You see, back when he was born, he seemed to be just as perfect as could be (except for the crooked pinkie toes). He had a little bruise on the end of his nose, but I figured that was because this gargantuan baby was running out of room in the limited space of my womb, and his nose paid the price.
However, we noticed that the little bruise wasn't going away, but getting a little redder and a little larger. It still wasn't much but we talked to the doctor about it anyway.
Sure enough it was a hemangioma. Thing 1 has one on her hip, and we noticed that it was starting to go away about this time (she was 5 years old). The Boy's looked a little different, but once we knew what we were dealing with, it didn't seem too bad. This next picture was taken when he was 5 weeks old and there was a little bit of swelling and redness at the end of his nose.
It reached is biggest, darkest point when he was about 6 months old. We saw a specialist and he was encouraging. He figured that it would grow to a certain point, then after a while it would start to disappear. We weren't too worried for him, and I'll admit, I was so glad this was happening to my boy instead of one of my girls. With the body image issues girls already will face, I was relieved that this wasn't happening to them, I hope that isn't too terrible of me.
Anyhow, the whole reason I even started this post was because of all the comments we would get, "Oh, did he bonk his nose?" "What did he do to his nose?" "Oh my, what happened to him?"
Aaargh!!! I was getting these comments when he was just 2 months old and it was all I could do to not get too snarky at people and just answer back that, "Yes, indeed, I dropped my two month old son on his face on the cement and then dragged him around until it was big and purple like that!!!" (As that is what it would take to create something that looked even close to his.)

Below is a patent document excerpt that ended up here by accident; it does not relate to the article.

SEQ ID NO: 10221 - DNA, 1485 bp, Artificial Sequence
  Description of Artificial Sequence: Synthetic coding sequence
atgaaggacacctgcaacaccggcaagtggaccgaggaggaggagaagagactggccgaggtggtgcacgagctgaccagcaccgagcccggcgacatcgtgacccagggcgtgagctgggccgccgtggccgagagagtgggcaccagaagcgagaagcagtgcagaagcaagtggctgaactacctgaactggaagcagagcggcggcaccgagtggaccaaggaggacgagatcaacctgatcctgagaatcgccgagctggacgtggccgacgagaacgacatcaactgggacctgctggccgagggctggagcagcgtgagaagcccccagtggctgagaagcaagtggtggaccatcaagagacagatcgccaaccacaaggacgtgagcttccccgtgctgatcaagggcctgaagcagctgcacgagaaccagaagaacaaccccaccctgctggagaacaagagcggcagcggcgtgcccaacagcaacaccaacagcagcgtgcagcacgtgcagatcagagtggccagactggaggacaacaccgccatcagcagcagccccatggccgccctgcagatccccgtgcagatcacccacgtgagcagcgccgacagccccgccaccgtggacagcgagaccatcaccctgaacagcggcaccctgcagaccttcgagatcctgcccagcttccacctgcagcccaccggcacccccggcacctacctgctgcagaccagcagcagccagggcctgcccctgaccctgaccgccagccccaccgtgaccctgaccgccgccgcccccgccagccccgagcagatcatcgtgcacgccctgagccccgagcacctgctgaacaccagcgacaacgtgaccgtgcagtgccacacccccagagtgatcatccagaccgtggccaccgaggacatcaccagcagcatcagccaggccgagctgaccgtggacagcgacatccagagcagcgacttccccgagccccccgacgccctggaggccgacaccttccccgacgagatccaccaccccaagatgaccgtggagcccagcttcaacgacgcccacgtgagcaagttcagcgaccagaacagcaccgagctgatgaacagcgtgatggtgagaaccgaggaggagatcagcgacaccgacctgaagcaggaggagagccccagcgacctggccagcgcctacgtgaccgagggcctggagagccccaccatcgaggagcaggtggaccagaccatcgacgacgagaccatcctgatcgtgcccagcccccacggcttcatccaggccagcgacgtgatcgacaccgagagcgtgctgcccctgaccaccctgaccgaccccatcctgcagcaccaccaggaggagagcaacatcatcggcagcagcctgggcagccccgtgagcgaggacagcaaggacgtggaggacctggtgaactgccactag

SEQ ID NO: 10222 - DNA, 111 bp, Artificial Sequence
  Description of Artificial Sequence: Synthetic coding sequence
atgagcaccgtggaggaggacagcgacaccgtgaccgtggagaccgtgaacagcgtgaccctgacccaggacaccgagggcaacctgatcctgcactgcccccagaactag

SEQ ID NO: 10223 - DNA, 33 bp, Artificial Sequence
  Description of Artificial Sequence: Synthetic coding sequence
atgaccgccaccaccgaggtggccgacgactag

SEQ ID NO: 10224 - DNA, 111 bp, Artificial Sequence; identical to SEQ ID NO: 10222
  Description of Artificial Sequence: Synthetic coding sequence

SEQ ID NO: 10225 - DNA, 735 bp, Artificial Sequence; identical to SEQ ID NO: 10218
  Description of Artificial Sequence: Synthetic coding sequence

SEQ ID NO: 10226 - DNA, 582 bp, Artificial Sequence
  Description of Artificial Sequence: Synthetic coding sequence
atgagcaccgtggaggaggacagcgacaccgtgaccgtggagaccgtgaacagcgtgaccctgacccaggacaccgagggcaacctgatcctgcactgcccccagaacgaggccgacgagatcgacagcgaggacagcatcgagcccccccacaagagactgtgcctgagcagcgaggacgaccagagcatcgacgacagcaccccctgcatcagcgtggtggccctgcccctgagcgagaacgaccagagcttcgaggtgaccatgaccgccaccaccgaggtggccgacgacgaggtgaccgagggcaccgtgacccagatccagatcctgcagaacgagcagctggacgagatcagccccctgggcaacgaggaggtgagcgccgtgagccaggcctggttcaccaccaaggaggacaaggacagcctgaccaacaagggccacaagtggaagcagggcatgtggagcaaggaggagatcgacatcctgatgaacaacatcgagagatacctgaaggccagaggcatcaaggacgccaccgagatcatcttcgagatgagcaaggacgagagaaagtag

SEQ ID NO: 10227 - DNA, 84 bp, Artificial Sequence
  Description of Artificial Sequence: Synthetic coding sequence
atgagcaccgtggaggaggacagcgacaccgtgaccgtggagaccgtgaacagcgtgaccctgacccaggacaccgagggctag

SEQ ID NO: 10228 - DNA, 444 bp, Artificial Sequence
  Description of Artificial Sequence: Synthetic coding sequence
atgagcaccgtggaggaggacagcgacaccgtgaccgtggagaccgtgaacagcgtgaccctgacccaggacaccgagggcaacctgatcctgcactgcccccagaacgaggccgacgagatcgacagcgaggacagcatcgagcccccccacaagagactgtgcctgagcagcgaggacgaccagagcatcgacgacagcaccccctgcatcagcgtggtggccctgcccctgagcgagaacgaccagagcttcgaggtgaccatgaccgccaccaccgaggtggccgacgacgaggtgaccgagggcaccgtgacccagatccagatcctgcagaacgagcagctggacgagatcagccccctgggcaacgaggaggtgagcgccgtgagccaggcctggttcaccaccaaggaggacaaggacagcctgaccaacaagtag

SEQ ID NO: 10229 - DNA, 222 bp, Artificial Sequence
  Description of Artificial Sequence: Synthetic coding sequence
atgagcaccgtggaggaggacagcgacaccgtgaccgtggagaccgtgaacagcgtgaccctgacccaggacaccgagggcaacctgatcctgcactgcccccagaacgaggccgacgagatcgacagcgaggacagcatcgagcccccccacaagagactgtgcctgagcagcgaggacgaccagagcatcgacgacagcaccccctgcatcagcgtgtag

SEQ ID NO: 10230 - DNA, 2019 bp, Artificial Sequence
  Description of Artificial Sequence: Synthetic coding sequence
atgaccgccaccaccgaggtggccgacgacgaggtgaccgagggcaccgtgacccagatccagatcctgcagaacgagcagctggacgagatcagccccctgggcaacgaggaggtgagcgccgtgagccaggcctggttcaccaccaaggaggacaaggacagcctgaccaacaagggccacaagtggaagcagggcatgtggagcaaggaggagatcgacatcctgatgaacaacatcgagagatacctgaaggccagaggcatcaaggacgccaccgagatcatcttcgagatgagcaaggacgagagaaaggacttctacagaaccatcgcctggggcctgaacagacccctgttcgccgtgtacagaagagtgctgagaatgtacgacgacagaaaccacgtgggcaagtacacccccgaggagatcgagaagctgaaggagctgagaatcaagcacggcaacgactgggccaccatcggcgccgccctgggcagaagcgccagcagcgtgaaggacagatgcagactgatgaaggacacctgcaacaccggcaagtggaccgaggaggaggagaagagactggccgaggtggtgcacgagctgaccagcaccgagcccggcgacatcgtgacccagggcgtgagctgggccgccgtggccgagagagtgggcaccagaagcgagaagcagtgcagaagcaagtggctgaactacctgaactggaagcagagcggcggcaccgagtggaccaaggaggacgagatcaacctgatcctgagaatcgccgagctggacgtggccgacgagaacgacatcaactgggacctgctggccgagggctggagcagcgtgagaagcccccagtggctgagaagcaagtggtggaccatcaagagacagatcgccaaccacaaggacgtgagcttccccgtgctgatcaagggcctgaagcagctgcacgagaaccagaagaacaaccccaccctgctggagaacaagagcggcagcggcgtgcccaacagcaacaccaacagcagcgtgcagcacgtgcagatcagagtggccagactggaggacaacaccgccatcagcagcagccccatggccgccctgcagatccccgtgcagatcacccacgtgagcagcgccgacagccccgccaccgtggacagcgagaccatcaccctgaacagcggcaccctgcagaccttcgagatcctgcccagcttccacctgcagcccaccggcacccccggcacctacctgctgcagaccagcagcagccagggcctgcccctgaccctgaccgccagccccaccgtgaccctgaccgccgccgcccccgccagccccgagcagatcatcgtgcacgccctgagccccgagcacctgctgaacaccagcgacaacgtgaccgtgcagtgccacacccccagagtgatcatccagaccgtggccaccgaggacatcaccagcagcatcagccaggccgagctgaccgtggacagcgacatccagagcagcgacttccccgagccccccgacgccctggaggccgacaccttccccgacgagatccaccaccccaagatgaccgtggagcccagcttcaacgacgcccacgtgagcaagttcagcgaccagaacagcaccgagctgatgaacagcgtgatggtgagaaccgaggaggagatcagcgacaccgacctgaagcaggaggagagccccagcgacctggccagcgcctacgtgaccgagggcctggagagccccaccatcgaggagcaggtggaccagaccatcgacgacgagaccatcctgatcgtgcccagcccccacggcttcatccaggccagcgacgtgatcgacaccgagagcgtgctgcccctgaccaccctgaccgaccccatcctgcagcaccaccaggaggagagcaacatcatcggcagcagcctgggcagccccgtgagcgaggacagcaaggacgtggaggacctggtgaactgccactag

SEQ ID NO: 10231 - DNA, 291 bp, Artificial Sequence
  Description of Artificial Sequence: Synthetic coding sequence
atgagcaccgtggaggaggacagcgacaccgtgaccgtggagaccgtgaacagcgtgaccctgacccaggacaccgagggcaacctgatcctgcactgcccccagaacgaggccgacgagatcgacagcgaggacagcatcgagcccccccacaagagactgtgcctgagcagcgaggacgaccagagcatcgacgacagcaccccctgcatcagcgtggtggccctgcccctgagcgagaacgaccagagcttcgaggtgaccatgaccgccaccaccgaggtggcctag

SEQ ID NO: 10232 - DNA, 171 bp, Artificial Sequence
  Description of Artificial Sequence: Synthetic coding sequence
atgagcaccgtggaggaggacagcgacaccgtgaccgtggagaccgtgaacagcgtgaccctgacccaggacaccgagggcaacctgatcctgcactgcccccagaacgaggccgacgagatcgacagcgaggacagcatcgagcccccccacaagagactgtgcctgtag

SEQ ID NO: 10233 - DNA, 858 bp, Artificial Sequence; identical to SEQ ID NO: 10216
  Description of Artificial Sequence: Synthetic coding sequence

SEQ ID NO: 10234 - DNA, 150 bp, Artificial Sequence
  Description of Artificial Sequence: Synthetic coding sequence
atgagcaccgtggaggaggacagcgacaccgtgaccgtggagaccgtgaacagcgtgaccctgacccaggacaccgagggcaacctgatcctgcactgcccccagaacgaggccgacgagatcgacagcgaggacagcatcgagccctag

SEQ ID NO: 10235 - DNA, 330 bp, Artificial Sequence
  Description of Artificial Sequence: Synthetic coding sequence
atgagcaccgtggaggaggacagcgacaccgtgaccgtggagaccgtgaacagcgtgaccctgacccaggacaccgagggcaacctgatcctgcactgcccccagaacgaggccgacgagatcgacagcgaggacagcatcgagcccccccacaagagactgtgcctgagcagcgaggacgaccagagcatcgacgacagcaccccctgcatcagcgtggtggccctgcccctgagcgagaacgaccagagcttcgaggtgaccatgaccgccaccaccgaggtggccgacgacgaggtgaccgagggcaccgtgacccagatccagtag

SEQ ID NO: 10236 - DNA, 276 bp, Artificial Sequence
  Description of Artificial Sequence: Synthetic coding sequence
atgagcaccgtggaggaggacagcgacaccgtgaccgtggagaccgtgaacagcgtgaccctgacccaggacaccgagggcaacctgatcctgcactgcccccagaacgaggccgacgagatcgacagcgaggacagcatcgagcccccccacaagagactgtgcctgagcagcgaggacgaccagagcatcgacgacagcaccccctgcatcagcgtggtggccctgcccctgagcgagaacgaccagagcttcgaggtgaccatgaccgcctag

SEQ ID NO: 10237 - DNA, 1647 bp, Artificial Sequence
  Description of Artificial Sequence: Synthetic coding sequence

Then there were all the kids that would point and stare, yes I realize this is very normal child behavior and I am not upset with the children. I am more disappointed in the parents that didn't use that as a teaching opportunity and, instead, just let their kid say whatever they wanted to say. Weak!
What was most interesting is that people I was becoming acquainted with at the time were somewhat timid to ask about it, but complete strangers could say or ask anything. I just want to thank those who have since become friends, that were so considerate of our feelings and didn't just blurt something out. I don't mind answering questions and I don't mind talking about it in the least, I just really appreciate the delicate kindness shown by those I now call friends!
Thankfully, time has ended up being a remarkable friend to the hemangioma and the color has normalized considerably and his face has grown closer to the size of the nose. See how cute he is?
Well, guess what?
Three years later we had another baby boy!
He, too, appeared perfectly normal at birth, he didn't even have crooked pinkie toes! YAY! But I immediately noticed a little familiar bruise under his left eye. Everyone told me it was nothing, but I knew!
Soon it looked like a little shiner! And the comments and questions from strangers are in full force once again. So, let me just get this out in the open, I did not punch my baby in the eye! I promise, you can even ask his doctor.
His baby photo seems to hide it pretty well also, but it was there. I remember rubbing a little of my mineral powder on it just to reduce the bright redness! I'm kind of silly that way.
All in all, we actually kind of like the "character" it adds. We think it is a good start for a future linebacker! It's not too big, and I'm totally not worried about it or bothered by it. But I will again admit to how happy I am that this was something our boy had to deal with instead of one of our girls. And if kids give him any grief about it, well, he'll be able to defend himself just fine!
Looking at the baby, he doesn't look like he has a single care in the world, and we love it!
And just a little FYI, here are two little videos I have found recently about hemangiomas ... very interesting (and short) if you don't know about them.